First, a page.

Vermont Officially Recognizes Virtual Currencies As An Investment

In News
Virtual Currencies As An Investment

Vermont acknowledges bitcoin and other virtual currencies as an investment.

Virtual currencies have been in the limelight recently, especially now that countries all over the world are experiencing major crisis in their economy. In the US, there are already numbers of states that consider bitcoin as the next big thing, and of those states is Vermont.

Vermont may be known for more than its dairy farms and green mountains these days. This week the state of Vermont’s Governor has signed a new bill into law that applies virtual currencies to ‘permissible investments’ for money transmission businesses regulated by the Department of Financial Regulation.

Virtual Currencies Are Now Permissible Investments in the Eyes of Vermont Lawmakers  

Vermont Lawmakers Craft More Friendly Bitcoin Legislation On May 4 the Governor of Vermont, Phil Scott, signed a bill into law that recognizes bitcoin as a “permissible investment” for money transmission operations. Many bitcoin proponents believe the state is becoming an innovative region as Vermont authorities have crafted quite a few bitcoin and blockchain friendly statutes.

Vermont’s latest amendment clearly defines bitcoin and alternative digital currencies as a “means of stored value that can be a medium of exchange, a unit of account, and store of value. Has an equivalent value in money or acts as a substitute for money and also may be centralized or decentralized.”

As far as virtual currencies are concerned “permissible investments shall be held in trust for the benefit for the purchasers and holders of the licensee’s outstanding payment instruments and stored value obligations,” explains Vermont bill 182.

Vermont Laws Considered Bitcoin and Blockchain Friendly

Vermont Lawmakers Craft More Friendly Bitcoin Legislation Last year former Vermont Governor Peter Shumlin also progressed the state’s legislature with an economic bill that applies to all blockchains. The bill H.868 recognizes any fact, document or record certified on a blockchain which can be legally admissible in a court of law. The legislation detailed these types of records are deemed as “authentic” within business and litigation matters. The state of Arizona has a similar bill in motion which aims to legally recognize blockchain based digital signatures and smart contracts.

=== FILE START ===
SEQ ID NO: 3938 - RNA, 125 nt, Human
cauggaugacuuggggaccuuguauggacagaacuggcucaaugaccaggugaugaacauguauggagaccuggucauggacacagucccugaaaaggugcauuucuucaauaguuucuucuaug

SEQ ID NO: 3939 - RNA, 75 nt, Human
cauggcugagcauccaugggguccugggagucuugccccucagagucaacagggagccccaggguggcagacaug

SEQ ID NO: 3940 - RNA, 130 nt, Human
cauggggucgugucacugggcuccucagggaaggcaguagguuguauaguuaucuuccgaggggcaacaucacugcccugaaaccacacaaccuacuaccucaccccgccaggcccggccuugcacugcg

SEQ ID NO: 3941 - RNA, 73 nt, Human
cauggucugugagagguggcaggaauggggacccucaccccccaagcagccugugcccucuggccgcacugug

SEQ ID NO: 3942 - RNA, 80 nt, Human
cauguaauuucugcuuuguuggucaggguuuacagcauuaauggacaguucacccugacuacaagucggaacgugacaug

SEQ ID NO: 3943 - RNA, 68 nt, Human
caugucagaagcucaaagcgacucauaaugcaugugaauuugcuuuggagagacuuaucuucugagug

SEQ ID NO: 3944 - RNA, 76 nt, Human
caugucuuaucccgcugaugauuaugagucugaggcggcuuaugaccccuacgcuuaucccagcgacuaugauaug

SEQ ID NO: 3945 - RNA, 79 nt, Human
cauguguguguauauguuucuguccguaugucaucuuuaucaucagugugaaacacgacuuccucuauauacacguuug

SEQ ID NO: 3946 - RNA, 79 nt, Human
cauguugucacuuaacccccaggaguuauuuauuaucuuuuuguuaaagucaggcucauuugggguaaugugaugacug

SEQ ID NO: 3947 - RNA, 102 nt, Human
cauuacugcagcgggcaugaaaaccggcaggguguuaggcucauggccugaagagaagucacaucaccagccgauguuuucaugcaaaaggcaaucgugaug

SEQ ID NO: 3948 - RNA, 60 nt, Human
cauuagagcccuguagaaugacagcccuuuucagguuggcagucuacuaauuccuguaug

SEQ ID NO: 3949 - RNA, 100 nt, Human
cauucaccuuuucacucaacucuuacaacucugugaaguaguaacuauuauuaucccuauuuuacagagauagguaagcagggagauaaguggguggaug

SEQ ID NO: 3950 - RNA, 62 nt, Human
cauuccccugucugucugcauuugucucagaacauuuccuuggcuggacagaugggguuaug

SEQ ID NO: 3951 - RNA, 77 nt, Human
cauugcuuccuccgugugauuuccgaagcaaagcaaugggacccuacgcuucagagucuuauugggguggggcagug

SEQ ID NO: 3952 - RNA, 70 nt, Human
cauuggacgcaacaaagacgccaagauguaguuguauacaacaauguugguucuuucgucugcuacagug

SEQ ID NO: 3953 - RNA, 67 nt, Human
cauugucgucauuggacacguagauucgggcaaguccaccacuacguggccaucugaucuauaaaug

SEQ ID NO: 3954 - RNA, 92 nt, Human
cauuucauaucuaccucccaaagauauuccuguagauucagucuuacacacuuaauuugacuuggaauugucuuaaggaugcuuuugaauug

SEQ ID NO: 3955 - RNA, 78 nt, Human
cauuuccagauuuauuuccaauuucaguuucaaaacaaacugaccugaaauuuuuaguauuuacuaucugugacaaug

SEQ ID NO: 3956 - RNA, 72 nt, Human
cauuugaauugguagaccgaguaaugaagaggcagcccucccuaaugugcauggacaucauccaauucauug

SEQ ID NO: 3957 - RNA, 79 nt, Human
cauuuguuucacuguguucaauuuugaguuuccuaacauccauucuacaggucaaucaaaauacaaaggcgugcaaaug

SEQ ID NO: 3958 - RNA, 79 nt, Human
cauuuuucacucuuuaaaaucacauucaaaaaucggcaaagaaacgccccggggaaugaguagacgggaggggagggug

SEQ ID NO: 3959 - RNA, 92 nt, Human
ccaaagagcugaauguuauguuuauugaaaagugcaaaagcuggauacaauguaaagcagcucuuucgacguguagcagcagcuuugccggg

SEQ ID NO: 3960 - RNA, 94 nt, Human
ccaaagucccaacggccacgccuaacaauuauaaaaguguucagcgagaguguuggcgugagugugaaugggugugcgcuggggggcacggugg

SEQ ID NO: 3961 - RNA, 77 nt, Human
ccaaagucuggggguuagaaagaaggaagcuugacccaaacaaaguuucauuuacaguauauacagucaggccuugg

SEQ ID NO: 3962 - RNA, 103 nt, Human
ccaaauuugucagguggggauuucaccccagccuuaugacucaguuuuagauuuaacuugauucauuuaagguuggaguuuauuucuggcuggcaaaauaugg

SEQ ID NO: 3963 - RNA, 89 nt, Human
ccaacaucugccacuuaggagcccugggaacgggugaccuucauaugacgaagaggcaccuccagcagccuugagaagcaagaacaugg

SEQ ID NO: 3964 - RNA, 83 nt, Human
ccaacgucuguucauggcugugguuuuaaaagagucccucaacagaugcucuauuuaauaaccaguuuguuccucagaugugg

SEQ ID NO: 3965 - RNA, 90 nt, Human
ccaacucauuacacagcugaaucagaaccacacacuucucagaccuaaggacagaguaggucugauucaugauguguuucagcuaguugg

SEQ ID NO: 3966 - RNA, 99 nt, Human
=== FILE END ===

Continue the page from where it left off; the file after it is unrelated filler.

Vermont bill 182 furthers the state’s friendly nature towards cryptocurrencies as traditional businesses must hold a degree of permissible investments. Now if a company chooses they can hold bitcoin or another digital currency, but “only to the extent of outstanding transmission obligations received by the licensee in an identical denomination of virtual currency.”

Currently, there are roughly nine states working with digital currency and blockchain-related legislation. U.S. lawmakers that are implementing laws towards cryptocurrency users and businesses include representatives from Florida, Vermont, Arizona, North Dakota, California, Illinois, Hawaii, New Hampshire, Nevada, and Maine. Furthermore, a new congressional blockchain group has been created to further research for laws created on the Federal level.

What do you think about Vermont’s law that allows money transmission businesses to hold bitcoin as a permissible investment? Let us know in the comments below.

via Bitcoin.com


You may also read!

Cryptocurrency

Cryptocurrency Investments Continue Despite Skepticism

Since the introduction of cryptocurrency in the market, skepticism cannot be disregarded but investors continue to capitalize until now

Read More...
text messaging

No More Net Neutrality For Text Messaging Either

After picking on the internet, the Federal Communications Commission is now focusing on how it will kill net neutrality

Read More...
internet

Even Rural Areas Must Have Fast Internet

The internet was created for everybody and not just for those who can afford it. Presently, the broadband is

Read More...

Leave a reply:

Your email address will not be published.

Mobile Sliding Menu